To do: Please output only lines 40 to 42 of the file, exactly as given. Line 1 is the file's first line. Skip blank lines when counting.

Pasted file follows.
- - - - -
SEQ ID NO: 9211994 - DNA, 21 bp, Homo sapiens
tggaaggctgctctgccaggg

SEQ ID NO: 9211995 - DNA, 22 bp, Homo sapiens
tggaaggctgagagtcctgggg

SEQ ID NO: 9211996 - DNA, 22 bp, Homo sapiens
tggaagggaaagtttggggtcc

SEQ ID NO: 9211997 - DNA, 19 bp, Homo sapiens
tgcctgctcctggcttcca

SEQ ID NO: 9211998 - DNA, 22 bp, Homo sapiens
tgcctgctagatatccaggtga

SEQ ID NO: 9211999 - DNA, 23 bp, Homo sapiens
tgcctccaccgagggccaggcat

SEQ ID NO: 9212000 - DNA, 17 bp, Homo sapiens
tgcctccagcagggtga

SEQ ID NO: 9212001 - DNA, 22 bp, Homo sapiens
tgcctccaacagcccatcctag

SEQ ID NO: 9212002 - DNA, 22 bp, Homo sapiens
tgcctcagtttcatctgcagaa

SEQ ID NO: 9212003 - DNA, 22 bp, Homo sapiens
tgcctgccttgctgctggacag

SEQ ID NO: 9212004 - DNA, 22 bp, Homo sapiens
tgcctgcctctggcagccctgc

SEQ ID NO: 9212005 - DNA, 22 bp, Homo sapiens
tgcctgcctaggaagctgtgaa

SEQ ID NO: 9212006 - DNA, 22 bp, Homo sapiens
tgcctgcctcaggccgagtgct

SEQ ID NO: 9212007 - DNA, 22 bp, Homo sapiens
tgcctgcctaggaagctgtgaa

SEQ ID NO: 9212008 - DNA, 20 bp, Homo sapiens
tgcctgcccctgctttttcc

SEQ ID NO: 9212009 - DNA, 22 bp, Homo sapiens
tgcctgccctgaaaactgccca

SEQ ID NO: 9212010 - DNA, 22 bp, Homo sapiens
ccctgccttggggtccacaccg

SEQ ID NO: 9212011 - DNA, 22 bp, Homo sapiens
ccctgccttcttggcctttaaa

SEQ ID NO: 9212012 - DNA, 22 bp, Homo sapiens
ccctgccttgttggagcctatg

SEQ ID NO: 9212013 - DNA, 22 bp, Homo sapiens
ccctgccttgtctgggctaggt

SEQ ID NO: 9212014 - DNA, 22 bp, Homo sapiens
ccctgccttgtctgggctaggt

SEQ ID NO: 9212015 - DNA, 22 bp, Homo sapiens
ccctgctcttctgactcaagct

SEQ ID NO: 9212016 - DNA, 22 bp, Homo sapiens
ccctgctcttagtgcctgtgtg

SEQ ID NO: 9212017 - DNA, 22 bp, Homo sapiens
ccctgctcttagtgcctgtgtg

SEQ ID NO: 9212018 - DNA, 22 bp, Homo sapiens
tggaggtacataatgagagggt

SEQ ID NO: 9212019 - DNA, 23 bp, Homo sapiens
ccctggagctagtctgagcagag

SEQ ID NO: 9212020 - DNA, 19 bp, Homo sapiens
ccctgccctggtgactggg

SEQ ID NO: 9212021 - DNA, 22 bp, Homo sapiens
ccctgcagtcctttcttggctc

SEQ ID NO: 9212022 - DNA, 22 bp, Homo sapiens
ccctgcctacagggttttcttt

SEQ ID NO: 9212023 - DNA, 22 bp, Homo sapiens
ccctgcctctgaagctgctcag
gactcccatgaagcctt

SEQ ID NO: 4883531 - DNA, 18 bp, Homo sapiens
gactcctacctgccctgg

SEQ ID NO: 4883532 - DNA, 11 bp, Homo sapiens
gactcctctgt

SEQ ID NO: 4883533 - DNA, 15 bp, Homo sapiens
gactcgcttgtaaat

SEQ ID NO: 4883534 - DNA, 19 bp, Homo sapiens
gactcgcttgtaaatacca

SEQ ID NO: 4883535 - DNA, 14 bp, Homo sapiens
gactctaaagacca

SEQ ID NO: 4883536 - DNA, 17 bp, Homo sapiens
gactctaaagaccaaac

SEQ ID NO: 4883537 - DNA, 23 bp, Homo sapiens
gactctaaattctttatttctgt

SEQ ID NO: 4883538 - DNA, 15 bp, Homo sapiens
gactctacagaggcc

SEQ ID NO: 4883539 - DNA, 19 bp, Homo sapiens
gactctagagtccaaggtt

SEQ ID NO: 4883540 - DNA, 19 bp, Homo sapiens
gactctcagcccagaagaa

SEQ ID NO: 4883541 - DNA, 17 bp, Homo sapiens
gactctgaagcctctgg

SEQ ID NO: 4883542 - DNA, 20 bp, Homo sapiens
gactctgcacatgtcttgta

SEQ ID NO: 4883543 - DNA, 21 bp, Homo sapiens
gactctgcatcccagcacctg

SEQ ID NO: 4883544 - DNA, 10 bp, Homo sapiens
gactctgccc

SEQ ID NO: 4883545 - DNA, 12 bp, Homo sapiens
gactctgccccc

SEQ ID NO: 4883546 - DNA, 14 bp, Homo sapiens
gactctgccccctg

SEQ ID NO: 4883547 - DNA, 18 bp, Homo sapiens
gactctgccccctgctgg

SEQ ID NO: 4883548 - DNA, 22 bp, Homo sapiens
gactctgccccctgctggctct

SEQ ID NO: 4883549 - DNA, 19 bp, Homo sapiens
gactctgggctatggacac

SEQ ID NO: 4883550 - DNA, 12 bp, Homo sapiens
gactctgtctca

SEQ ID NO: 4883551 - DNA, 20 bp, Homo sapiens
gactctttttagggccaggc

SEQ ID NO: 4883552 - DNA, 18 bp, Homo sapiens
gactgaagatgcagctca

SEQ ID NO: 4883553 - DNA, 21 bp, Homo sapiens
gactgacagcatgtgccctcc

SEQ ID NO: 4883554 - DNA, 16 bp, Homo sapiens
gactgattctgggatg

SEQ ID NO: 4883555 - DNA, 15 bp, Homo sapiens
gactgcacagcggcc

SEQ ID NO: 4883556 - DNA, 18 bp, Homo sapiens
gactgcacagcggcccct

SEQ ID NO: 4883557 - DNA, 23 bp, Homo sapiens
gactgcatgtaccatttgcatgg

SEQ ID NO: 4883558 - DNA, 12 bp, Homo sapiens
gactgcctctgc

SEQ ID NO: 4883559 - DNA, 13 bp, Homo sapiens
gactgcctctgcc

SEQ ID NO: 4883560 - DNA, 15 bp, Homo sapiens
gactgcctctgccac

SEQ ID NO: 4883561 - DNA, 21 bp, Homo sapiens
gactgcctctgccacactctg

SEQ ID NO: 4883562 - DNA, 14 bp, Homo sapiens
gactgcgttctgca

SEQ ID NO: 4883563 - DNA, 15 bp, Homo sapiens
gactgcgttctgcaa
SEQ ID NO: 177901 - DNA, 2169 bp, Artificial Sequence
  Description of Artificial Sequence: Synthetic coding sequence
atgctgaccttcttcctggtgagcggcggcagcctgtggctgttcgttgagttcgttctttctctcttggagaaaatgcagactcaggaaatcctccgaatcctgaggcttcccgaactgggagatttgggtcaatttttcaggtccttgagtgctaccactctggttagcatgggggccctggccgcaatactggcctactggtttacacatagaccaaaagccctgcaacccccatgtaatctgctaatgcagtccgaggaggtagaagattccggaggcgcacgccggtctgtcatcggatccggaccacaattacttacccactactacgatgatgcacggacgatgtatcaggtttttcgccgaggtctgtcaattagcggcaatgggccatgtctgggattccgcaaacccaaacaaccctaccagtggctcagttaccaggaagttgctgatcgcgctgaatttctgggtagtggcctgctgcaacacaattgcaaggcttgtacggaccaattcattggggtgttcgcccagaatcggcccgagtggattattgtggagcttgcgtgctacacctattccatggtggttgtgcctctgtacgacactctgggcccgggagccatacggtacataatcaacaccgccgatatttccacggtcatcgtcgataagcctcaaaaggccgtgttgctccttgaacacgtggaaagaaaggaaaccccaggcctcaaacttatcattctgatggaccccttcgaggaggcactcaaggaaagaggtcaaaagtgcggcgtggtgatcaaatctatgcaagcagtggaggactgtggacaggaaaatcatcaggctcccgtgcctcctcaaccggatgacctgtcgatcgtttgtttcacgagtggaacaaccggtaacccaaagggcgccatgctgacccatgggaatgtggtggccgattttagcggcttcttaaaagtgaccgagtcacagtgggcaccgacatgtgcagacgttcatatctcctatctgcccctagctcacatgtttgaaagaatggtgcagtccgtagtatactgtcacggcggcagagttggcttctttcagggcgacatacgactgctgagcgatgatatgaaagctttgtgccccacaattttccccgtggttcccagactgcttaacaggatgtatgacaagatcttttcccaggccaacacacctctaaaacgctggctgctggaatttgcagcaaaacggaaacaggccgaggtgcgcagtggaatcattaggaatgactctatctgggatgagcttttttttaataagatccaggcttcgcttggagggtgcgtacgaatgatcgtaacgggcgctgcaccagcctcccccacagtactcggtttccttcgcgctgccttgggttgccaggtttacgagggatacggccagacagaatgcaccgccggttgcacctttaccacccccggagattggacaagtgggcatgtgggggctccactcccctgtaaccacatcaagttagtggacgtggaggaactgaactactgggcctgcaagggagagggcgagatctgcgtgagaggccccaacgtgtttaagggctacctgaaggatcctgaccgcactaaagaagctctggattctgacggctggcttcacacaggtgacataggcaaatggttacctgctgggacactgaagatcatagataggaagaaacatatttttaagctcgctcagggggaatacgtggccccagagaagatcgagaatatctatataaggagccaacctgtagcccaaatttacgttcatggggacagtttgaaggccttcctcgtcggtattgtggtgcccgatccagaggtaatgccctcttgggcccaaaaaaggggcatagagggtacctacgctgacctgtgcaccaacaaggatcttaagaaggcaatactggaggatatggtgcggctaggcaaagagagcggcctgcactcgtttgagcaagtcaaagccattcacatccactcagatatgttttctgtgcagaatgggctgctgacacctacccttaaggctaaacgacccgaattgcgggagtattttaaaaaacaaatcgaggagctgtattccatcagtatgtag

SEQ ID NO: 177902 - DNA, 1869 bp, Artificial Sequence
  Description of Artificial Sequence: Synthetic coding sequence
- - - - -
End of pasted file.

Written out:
ccctgccttgtctgggctaggt

SEQ ID NO: 9212014 - DNA, 22 bp, Homo sapiens
ccctgccttgtctgggctaggt